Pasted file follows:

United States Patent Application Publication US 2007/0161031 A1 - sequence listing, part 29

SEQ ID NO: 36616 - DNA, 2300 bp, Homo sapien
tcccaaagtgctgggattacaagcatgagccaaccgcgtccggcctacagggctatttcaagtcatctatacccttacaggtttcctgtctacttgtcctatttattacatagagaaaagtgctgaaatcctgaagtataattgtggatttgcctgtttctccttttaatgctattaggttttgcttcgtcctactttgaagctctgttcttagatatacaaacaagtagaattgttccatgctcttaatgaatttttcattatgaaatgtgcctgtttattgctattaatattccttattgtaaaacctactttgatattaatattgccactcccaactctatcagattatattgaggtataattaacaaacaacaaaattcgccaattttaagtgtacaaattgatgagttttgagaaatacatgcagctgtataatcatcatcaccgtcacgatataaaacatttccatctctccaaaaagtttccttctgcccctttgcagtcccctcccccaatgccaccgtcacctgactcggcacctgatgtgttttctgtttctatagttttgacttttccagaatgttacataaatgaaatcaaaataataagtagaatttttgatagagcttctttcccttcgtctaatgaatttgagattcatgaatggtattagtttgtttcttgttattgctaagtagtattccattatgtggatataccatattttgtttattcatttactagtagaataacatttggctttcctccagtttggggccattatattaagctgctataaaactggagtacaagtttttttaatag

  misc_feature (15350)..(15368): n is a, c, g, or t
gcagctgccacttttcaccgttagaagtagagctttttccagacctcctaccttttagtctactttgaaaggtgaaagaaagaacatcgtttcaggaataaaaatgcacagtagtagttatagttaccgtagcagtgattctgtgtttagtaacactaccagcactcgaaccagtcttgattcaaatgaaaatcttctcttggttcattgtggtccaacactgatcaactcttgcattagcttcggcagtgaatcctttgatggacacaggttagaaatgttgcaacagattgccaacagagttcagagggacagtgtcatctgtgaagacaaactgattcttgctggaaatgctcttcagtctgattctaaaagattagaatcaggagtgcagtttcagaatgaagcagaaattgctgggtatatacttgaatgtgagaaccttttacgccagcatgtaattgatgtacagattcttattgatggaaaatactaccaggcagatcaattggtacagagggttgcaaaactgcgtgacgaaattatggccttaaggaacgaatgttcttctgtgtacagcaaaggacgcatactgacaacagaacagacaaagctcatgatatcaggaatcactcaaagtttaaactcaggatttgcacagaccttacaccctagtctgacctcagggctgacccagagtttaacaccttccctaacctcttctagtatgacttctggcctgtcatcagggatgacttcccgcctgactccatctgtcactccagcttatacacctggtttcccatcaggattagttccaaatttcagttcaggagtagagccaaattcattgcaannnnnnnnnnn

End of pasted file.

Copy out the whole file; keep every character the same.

United States Patent Application Publication US 2007/0161031 A1 - sequence listing, part 29

SEQ ID NO: 36616 - DNA, 2300 bp, Homo sapien
tcccaaagtgctgggattacaagcatgagccaaccgcgtccggcctacagggctatttcaagtcatctatacccttacaggtttcctgtctacttgtcctatttattacatagagaaaagtgctgaaatcctgaagtataattgtggatttgcctgtttctccttttaatgctattaggttttgcttcgtcctactttgaagctctgttcttagatatacaaacaagtagaattgttccatgctcttaatgaatttttcattatgaaatgtgcctgtttattgctattaatattccttattgtaaaacctactttgatattaatattgccactcccaactctatcagattatattgaggtataattaacaaacaacaaaattcgccaattttaagtgtacaaattgatgagttttgagaaatacatgcagctgtataatcatcatcaccgtcacgatataaaacatttccatctctccaaaaagtttccttctgcccctttgcagtcccctcccccaatgccaccgtcacctgactcggcacctgatgtgttttctgtttctatagttttgacttttccagaatgttacataaatgaaatcaaaataataagtagaatttttgatagagcttctttcccttcgtctaatgaatttgagattcatgaatggtattagtttgtttcttgttattgctaagtagtattccattatgtggatataccatattttgtttattcatttactagtagaataacatttggctttcctccagtttggggccattatattaagctgctataaaactggagtacaagtttttttaatag

  misc_feature (15350)..(15368): n is a, c, g, or t
gcagctgccacttttcaccgttagaagtagagctttttccagacctcctaccttttagtctactttgaaaggtgaaagaaagaacatcgtttcaggaataaaaatgcacagtagtagttatagttaccgtagcagtgattctgtgtttagtaacactaccagcactcgaaccagtcttgattcaaatgaaaatcttctcttggttcattgtggtccaacactgatcaactcttgcattagcttcggcagtgaatcctttgatggacacaggttagaaatgttgcaacagattgccaacagagttcagagggacagtgtcatctgtgaagacaaactgattcttgctggaaatgctcttcagtctgattctaaaagattagaatcaggagtgcagtttcagaatgaagcagaaattgctgggtatatacttgaatgtgagaaccttttacgccagcatgtaattgatgtacagattcttattgatggaaaatactaccaggcagatcaattggtacagagggttgcaaaactgcgtgacgaaattatggccttaaggaacgaatgttcttctgtgtacagcaaaggacgcatactgacaacagaacagacaaagctcatgatatcaggaatcactcaaagtttaaactcaggatttgcacagaccttacaccctagtctgacctcagggctgacccagagtttaacaccttccctaacctcttctagtatgacttctggcctgtcatcagggatgacttcccgcctgactccatctgtcactccagcttatacacctggtttcccatcaggattagttccaaatttcagttcaggagtagagccaaattcattgcaannnnnnnnnnn